#4 Heartrate and going slower. Have you ever used your heart rate as a limiter? If your run calls for a zone 2 or 3 effort, then use your heart rate to tell you to stay in that zone, even if it means your pace will be WAAAAAYYYYY slower than on a nice and cool day. Eventually you will acclimate and the pace will come back up while staying in the same zone. Just think about when the temps cool down! Its gonna be PR CITY!!!!

#5 Ramp up the pace. My pace strategy is going to be the complete opposite for the 10K. Go out easier, get the body used to the conditions, then save the best for last. I actually felt the best during the 1.5 mile cool down after my 5 mile race, when the humidty and heat was even worse. My body only needed 7.5 miles (2.5 mile warmup, 5 mile race) to get acclimated. BLAH!

So this is the plan. Still debating the midday run. If you have any "train in the heat" suggestions, I wanna hear em!


  1. GREAT info! Thanks for sharing it with us! It sounds like you have a good plan in place to ROCK your next race! :)

  2. I think your plan is a smart one. The heat is so demoralizing...makes you feel like an amateur. This is my first time trying to acclimate to running in the heat also and i'm hating it. For all of the marathons i have trained for, i would start my long run btw 4-4:30am depending on the distance that day. Unfortunately, with HIM's and anything longer, you know you are probably running when it is the hottest part of the day. Living in florida and training outside almost year round, has me constantly striving to stay well hydrated...not that easy! Good luck with the adaptation period.

  3. Alot of great info in this post. I was beat down by the heat this weekend, so I am ready to start training smarter in the heat as well!

  4. Thanks for the great info!

    I probably could have used it today. I did 6 miles in the fumidity and it knocked me on my butt. 4 hours later and I think I am finally getting over the heat sickness.

  5. good suggestions!
    for me, its more the humidity than the actual heat!
    i like ur formula on how to stay hydrated!
    thnx for the great post, jon.

  6. Good post. A lot to think about here. I love training in the heat and humidity because it always makes me feel strong on race days.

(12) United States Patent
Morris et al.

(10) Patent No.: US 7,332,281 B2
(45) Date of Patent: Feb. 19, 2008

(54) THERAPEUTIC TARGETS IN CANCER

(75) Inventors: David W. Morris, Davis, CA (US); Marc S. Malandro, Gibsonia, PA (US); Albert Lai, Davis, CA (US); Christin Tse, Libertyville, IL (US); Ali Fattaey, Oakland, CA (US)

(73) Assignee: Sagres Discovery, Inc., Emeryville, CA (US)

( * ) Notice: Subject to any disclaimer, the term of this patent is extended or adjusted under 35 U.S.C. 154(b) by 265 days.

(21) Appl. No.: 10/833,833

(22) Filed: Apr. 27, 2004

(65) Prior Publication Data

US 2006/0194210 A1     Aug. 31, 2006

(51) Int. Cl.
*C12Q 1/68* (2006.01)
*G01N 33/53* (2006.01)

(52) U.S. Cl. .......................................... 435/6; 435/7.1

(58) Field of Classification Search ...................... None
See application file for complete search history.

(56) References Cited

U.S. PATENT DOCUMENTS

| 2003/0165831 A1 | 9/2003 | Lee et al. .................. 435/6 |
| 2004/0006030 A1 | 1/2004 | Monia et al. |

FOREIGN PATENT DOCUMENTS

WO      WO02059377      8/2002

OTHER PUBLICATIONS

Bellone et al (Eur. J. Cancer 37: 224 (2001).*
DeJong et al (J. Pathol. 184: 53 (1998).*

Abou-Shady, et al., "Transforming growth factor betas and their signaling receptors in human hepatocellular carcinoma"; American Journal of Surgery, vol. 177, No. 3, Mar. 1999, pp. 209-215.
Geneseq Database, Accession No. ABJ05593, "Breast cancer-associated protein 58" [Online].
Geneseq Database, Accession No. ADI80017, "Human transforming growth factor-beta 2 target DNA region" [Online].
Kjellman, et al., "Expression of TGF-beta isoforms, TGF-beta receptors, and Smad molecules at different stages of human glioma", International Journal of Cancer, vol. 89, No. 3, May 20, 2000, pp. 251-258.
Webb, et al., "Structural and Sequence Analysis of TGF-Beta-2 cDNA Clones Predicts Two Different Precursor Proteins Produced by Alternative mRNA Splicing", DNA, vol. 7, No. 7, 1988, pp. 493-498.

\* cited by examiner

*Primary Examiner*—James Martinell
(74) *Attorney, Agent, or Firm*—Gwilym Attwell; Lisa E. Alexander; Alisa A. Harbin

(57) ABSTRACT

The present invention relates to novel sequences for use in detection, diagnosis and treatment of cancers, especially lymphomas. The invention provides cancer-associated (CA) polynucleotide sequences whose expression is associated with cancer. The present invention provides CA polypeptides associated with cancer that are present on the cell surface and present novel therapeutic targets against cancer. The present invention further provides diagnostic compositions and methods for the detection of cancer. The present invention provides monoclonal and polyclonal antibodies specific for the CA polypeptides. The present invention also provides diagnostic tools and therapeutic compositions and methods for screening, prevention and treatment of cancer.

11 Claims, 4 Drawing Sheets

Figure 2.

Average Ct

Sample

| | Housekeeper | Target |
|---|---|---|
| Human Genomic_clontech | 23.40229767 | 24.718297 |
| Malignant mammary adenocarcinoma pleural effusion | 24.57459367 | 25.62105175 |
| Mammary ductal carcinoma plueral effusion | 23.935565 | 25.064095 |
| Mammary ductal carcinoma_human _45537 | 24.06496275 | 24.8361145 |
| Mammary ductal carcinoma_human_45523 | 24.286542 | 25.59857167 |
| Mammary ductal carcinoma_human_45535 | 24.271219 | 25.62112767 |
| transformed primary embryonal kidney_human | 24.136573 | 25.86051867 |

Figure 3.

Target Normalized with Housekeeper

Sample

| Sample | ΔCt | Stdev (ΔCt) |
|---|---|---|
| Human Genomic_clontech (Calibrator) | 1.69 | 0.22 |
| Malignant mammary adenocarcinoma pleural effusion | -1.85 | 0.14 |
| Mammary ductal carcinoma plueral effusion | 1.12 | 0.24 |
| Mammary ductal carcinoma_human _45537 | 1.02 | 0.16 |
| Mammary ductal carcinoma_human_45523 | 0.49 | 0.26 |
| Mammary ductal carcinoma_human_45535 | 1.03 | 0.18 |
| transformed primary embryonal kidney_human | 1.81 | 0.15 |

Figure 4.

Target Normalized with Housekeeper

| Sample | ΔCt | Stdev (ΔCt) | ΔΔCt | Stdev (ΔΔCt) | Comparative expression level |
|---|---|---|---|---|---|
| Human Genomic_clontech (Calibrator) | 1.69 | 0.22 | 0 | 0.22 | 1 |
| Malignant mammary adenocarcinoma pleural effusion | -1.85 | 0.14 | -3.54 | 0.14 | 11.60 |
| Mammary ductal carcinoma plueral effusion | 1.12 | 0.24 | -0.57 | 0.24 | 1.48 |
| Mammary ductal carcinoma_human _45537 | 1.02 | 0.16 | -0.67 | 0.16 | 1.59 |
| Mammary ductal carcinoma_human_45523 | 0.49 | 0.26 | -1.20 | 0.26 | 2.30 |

I consume fluids, but I am also a strong believer of whatever nutrition works for you—do it! I love Hammer Endurolytes. Whenever I feel like heat and humidity are kicking my ass, I down those puppies and the fatigue quickly lessens. Maybe it is psychosomatic. They are probably filled with beeswax.

  7. You got it all figured out don't you:) I just love your enthusiasm and drive! I have no doubt that you will experience a PR City soon!

    Remember to drink lots of water and fluids. Listen to your body and be smart:) Take care little bro!

  8. So analytical, I love it. So today since it is going to be 90˚F and I heard them say it was 78% humidity, it will feel like close to 113˚F!!!!

    I had a run yesterday evening; intervals and hill work with Team In Training. It was tough and the humidity was kicking my butt. I was so happy when it started raining!!

    My stomach was totally messed up afterwards and then I got the chills and was freezing despite my apt. being so hot. I was under the covers at bedtime....today, totally fine. wonder if it had something to do with the heat. I have been training in the AM when it isn't that bad.

  9. DAMMMNIT anyways. I wrote you a big long email in response to your comment... and then went to save it as a draft and hit close instead. Awesome.

    Long story short... I'll do a post about hydration/sodium soon. But in the mean time, YES you want to stay hydrated but be CAREFUL for hyponatremia. Super careful. That can put you in the ER pretty quick... (she says as she looks at her IV scar)

  10. Feels like I am in college again!!


    Though it is interesting